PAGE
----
• 103. Important Grazing Tips Know DM availability and allow 3.0% - 3.5% daily. Take no more than 30% available DM. Move forward rapidly to not allow too many bites of the same plant. Know the brix content. Turn into new paddocks in early to midafternoon (peak brix or plant sugars). Stage of forage maturity critical – Mid-stage to slightly beyond… 114
    • 104. Equipment
    • 105. 117
    • 106. 119
    • 107. 120
    • 108. 121
    • 109. 122
    • 110. 123
    • 111. 124
    • 112. 125
    • 113. 126
    • 114. Fencing 101 Invest in good fencing solutions Build to suit your needs with the future in mind
    • 115. Fencing
    • 116. Photo by Bev Henkel, Norfolk
    • 117. What kind of fence is best ? Key Considerations – Plan with the end game in mind – Budget and phase if needed – Terrain (hills, woods, streams) – Cattle Type – Feed Availability
    • 118. Fencing, Fencing, Fencing..
    • 119. Water Management Don’t let water be limiting factor in finishing. Gains will be limited if cattle have to walk too far to water or if water source is poor. For optimum finishing – water available in each paddock. Different for cows. 137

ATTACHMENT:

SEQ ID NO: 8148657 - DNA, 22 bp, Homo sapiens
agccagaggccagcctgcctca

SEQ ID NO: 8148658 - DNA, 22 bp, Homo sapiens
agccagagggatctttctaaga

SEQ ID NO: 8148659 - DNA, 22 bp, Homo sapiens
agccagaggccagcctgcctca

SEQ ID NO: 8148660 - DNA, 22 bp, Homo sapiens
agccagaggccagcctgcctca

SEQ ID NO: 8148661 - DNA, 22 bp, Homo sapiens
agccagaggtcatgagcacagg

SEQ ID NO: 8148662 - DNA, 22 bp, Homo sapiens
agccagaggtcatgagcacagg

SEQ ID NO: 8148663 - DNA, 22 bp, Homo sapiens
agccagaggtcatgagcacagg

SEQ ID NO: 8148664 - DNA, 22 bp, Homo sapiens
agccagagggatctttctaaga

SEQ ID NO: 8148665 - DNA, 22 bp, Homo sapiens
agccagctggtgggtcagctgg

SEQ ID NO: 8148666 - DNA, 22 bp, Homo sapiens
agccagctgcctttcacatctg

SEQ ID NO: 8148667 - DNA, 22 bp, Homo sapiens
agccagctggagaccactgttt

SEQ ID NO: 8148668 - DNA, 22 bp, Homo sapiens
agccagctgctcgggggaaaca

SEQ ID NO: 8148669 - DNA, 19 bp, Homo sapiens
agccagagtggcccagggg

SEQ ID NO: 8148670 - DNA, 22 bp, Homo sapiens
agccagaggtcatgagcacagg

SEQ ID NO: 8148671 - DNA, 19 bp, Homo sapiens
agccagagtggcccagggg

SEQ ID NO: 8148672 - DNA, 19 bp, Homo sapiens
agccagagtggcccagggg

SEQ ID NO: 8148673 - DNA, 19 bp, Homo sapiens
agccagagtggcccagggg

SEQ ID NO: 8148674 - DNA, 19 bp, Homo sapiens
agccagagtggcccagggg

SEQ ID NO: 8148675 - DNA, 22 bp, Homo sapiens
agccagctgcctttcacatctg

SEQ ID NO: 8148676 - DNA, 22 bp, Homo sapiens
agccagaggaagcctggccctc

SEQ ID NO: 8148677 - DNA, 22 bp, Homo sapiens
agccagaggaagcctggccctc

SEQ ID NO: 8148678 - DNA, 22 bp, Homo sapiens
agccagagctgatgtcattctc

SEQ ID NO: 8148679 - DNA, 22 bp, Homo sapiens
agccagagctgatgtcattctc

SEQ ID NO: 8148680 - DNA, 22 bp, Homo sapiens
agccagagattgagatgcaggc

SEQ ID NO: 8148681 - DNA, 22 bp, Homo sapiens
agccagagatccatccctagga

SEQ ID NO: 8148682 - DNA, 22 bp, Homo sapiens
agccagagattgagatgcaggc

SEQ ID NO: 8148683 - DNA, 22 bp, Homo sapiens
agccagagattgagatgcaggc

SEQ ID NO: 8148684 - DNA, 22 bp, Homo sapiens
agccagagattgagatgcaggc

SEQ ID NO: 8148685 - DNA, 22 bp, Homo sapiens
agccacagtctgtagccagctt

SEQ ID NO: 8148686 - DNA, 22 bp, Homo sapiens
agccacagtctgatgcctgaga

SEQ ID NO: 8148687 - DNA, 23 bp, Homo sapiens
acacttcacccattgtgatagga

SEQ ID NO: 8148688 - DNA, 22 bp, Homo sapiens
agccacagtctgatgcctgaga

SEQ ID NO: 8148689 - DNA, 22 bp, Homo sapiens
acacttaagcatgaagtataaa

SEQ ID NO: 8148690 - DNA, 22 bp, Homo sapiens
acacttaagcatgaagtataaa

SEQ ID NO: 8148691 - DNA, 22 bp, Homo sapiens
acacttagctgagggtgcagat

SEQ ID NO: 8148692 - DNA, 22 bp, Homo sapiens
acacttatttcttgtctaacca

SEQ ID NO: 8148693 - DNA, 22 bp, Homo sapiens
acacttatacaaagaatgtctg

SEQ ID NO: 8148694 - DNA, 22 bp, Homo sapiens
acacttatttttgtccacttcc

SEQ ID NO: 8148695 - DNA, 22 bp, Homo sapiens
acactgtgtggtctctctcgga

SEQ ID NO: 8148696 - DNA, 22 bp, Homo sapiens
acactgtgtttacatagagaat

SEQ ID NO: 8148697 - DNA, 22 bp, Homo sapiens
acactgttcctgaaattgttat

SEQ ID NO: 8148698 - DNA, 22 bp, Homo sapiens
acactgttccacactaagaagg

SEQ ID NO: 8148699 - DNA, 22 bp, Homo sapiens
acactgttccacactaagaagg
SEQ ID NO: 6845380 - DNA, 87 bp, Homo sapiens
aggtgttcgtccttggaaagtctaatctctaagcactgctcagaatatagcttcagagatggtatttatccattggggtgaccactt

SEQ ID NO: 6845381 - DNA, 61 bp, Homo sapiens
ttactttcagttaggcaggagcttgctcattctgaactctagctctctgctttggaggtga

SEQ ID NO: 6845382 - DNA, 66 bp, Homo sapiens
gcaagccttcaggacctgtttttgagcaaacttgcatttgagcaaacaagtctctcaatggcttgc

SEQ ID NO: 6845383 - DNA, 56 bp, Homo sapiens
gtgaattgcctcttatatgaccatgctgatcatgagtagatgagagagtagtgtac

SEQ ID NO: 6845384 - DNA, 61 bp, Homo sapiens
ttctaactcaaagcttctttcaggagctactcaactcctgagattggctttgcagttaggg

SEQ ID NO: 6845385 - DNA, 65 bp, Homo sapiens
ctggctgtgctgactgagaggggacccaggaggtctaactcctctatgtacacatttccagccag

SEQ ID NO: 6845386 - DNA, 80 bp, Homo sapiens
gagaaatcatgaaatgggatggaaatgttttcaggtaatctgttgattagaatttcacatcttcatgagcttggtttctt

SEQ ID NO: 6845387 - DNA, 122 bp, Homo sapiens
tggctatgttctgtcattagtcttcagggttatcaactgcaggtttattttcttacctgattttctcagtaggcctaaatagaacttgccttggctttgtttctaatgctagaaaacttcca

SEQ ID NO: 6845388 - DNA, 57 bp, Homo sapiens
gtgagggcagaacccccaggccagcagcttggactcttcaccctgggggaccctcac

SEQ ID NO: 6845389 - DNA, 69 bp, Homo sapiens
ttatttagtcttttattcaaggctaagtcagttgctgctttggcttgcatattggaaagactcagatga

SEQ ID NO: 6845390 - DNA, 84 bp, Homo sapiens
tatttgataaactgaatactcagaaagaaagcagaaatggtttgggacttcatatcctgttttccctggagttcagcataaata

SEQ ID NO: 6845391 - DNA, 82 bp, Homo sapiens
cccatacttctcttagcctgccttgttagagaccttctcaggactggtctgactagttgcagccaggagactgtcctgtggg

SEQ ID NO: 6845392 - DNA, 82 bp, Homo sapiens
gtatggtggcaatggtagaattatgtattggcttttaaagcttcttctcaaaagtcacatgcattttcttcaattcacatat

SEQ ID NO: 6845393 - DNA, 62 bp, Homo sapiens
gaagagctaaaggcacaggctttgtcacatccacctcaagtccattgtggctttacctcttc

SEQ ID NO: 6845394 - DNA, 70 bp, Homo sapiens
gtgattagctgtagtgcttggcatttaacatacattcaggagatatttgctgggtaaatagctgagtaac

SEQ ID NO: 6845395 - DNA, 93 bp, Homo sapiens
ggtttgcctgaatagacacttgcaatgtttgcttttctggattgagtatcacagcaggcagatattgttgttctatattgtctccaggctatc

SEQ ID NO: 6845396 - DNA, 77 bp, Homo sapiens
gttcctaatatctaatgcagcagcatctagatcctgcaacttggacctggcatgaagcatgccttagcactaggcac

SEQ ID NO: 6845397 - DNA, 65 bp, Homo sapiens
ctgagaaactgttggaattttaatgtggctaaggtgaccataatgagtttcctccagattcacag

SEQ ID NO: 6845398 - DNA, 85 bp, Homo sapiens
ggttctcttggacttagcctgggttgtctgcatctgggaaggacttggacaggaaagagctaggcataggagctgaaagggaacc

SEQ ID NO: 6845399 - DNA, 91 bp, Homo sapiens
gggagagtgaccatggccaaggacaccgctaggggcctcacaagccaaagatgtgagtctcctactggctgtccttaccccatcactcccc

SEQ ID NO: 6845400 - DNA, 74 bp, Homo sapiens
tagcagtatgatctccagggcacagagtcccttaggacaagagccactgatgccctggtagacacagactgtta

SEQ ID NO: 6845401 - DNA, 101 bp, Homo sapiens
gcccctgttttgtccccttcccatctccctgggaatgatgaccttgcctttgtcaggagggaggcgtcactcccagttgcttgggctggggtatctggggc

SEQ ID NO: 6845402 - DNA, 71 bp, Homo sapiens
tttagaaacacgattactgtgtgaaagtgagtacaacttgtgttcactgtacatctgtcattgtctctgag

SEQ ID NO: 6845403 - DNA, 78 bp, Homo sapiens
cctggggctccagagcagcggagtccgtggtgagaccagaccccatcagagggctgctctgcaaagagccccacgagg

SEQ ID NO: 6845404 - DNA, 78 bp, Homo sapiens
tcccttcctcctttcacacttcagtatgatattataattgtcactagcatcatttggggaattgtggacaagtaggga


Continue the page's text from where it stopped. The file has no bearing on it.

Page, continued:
• 120. Water Management
    • 121. 141
    • 122. Livestock pipeline installation.
    • 123. Quick Couplers.
    • 124. Easy and Simple.
    • 125. 146
    • 126. 147
    • 127. 148
    • 128. Degree of Finish 149
    • 129. What is “Finished” Animal?
    • 130. Tailhead Topline Ribs Flank Brisket Heat Girth
    • 131. Brisket
    • 132. Fat Pones 153
    • 133. 154
    • 134. 155
    • 135. 157
    • 136. 158
    • 137. Actual Gain Data - Finishing No. Head Sex Forage Type DTF ADG 85 S Warm Season Perennials 145 2.39 168 S Warm Season Annuals – Cocktail Mix 120 2.65 125 H Cool Season Annuals – Cocktail Mix 125 2.77 132 S Cool Season Annuals – Ryegrass/Oats/Clover 155 2.25 175 S Cool Season Annuals – Cocktail Mix 145 2.67 159
    • 138. 160
    • 139. Actual Carcass Performance No Head HCWT DP % Choice+ % Select % NRs 42 718 59.5 63 37 0 40 697 59.2 84 16 0 39 702 58.7 92 8 0 41 685 58.4 82 17 1 40 713 59.8 77 23 0 161
    • 140. Why is Finish Important??
    • 141. What is the Target?
    • 142. 164
    • 143. 165
    • 144. High Quality Raw Product Equals…
    • 145. 167
    • 146. 168
    • 147. High Quality Eating Experience
    • 148. Finding the Trainers Resource Guide www.farmbiztrainer.com Also at USDA National Ag Library www.start2farm.gov www.wallacecenter.org/pastureproject Contact us: Through the websites Gary Matteson, Joe Colyn, Allen Williams
    • 149. Grass Fed Exchange – www.grassfedexchange.com – 2014 Annual Conference – July 30 – August 1 – Columbia, MO 171
    • 150. Economic Analysis Spreadsheet http://www.wallacecenter.org/resourc elibrary/-grassfed-beef-financialcalculators 172
    • 151. Building for Future Generations 173
    • 152. Thank You!!! 174